Commercial spring wheat (Triticum aestivum L.) seedlots contain a small proportion of small-sized seeds. Wheat producers often remove small-sized seeds, attempting to increase seedling vigor and grain yield. A 3-yr study was conducted from 1989 to 1991 on a Neuhorst clay loam (Aquic Haploborolls) to determine the effect of seed size and proportion of small seeds in a seedlot on emergence, dry matter (DM) production, and grain yield of ‘Roblin’ wheat. A commercial seedlot containing seeds >2.2 but <3.2 mm in width was designated as the original seedlot and was divided into 11 sublets: five with uniform seed sizes (2.2-24,24-2.6, 2.6-2.8, 2.8-3.0, and 3.0-3.2 mm wide), three with variable seed sizes (2.4-3.2, 2.6-3.2, and 2.8-3.2 mm wide), and three more sublots from which seeds <2.2, <2.4, and <2.6 mm wide were successively removed, with the remaining seeds planted at correspondingly reduced planting density. The use of uniform large seeds increased shoot DM in 1990 and 1991, but not in 1989. Grain yield was increased with uniform large seeds only for the early planting in 1990, where soil temperature was low. A small proportion of small seeds in a seedlot decreased shoot DM in two of six cases, but in no case decreased percent emergence or grain yield. When small seeds were removed, the remaining seeds, planted at 278 and 236 seeds m−2. had grain yields equivalent to that of the original seedlot planted at 300 seeds m−2. There is thus no need to remove small seeds from a seedlot that has been commercially cleaned, and, if uniform large seeds are available for planting, seeding rate can be reduced.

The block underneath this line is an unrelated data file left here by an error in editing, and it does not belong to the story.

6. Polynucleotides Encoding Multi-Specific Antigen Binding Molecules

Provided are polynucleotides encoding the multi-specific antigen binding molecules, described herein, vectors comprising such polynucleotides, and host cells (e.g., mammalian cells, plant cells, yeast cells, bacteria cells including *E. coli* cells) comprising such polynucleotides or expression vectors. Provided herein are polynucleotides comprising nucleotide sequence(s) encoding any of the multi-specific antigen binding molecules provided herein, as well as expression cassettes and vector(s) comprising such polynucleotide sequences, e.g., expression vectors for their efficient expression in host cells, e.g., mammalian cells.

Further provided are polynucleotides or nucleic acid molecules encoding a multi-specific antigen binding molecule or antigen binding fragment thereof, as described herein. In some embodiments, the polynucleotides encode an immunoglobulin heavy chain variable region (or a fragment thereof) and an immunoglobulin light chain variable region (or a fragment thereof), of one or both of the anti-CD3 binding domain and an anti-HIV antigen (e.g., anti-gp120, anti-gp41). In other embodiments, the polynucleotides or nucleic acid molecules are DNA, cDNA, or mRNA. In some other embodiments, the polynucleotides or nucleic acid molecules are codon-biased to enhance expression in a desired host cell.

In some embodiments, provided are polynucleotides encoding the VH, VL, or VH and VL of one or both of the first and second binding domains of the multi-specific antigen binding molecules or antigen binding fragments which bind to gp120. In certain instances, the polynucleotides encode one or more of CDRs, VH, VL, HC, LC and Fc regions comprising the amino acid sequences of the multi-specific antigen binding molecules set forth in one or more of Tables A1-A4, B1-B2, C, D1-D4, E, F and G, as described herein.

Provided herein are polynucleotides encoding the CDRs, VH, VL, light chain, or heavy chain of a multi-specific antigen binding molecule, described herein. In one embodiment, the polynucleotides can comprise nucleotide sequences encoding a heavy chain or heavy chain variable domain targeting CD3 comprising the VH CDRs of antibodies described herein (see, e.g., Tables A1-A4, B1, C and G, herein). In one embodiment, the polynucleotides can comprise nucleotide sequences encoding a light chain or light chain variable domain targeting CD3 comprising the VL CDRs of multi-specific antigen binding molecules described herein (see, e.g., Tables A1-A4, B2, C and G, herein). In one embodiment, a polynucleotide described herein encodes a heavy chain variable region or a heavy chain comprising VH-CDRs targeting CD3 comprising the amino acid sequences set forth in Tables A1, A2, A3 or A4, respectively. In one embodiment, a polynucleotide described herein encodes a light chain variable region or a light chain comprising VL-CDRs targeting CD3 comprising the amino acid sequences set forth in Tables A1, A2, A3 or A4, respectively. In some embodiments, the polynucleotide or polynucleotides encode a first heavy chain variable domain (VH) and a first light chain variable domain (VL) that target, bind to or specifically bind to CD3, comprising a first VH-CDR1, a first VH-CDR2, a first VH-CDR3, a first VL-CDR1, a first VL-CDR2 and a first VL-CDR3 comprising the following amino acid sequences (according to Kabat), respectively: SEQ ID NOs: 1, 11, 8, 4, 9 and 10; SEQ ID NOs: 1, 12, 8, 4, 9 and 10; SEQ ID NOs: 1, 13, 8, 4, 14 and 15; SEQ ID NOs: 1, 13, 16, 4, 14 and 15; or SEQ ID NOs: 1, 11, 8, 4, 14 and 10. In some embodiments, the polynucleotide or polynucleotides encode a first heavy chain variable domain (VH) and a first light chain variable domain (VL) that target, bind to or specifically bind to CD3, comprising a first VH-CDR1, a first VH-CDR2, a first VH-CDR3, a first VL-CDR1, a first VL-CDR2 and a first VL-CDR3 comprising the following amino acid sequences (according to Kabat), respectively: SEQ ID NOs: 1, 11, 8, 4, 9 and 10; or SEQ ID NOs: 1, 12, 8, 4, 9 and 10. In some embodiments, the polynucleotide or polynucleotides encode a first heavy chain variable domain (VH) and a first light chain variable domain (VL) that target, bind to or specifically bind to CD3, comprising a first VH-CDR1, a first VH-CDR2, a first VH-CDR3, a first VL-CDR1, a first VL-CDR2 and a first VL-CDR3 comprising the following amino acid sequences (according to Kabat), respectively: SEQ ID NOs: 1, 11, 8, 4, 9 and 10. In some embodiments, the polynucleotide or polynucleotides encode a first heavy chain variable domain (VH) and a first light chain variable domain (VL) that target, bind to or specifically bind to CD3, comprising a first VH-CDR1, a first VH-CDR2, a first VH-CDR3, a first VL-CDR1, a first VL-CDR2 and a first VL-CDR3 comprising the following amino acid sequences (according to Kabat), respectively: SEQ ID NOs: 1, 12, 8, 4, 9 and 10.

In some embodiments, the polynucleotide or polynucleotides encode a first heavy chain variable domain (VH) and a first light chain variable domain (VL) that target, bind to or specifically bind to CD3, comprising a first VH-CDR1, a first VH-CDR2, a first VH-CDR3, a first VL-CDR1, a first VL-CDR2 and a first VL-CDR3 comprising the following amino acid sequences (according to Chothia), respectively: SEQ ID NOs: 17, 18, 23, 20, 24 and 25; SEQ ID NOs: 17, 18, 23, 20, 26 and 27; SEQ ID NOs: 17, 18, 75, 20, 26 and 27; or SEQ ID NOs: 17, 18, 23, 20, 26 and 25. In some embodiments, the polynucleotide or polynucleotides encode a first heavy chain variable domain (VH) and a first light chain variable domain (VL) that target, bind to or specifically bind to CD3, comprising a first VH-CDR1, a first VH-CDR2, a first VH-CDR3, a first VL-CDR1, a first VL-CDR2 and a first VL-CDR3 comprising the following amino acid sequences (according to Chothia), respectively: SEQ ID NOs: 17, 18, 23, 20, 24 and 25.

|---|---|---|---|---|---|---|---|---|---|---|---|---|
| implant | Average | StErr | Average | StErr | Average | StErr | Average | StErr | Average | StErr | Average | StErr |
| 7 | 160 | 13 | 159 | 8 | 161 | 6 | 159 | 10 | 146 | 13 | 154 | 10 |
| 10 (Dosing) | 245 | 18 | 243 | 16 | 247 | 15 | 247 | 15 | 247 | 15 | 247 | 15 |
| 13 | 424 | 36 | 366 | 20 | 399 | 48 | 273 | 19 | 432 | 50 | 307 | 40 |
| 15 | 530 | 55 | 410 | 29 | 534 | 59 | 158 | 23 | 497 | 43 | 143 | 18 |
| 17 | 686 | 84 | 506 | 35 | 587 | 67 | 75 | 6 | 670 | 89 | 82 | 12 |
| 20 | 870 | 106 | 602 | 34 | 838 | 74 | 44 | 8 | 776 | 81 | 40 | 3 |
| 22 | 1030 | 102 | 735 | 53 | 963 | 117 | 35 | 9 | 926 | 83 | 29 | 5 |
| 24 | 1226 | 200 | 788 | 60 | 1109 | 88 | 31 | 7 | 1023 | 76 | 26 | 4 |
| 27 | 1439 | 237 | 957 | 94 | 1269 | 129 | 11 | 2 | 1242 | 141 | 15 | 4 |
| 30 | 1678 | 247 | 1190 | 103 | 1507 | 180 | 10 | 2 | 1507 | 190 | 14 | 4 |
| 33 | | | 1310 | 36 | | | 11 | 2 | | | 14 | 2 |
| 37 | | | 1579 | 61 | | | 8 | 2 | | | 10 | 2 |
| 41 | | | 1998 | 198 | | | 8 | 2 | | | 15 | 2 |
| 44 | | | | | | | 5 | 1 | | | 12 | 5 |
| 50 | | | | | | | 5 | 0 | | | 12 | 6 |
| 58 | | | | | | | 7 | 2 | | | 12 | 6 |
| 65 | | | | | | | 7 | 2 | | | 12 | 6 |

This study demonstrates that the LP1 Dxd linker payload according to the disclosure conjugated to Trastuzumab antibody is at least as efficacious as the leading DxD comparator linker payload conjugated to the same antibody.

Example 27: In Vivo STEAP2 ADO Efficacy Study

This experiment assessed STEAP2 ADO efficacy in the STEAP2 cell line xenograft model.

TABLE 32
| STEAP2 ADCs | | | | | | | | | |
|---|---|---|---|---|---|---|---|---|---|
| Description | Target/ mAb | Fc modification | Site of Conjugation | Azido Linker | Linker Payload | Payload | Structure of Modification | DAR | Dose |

Contribution from the Dep. of Plant Sci., Univ. of Manitoba, Winnepeg.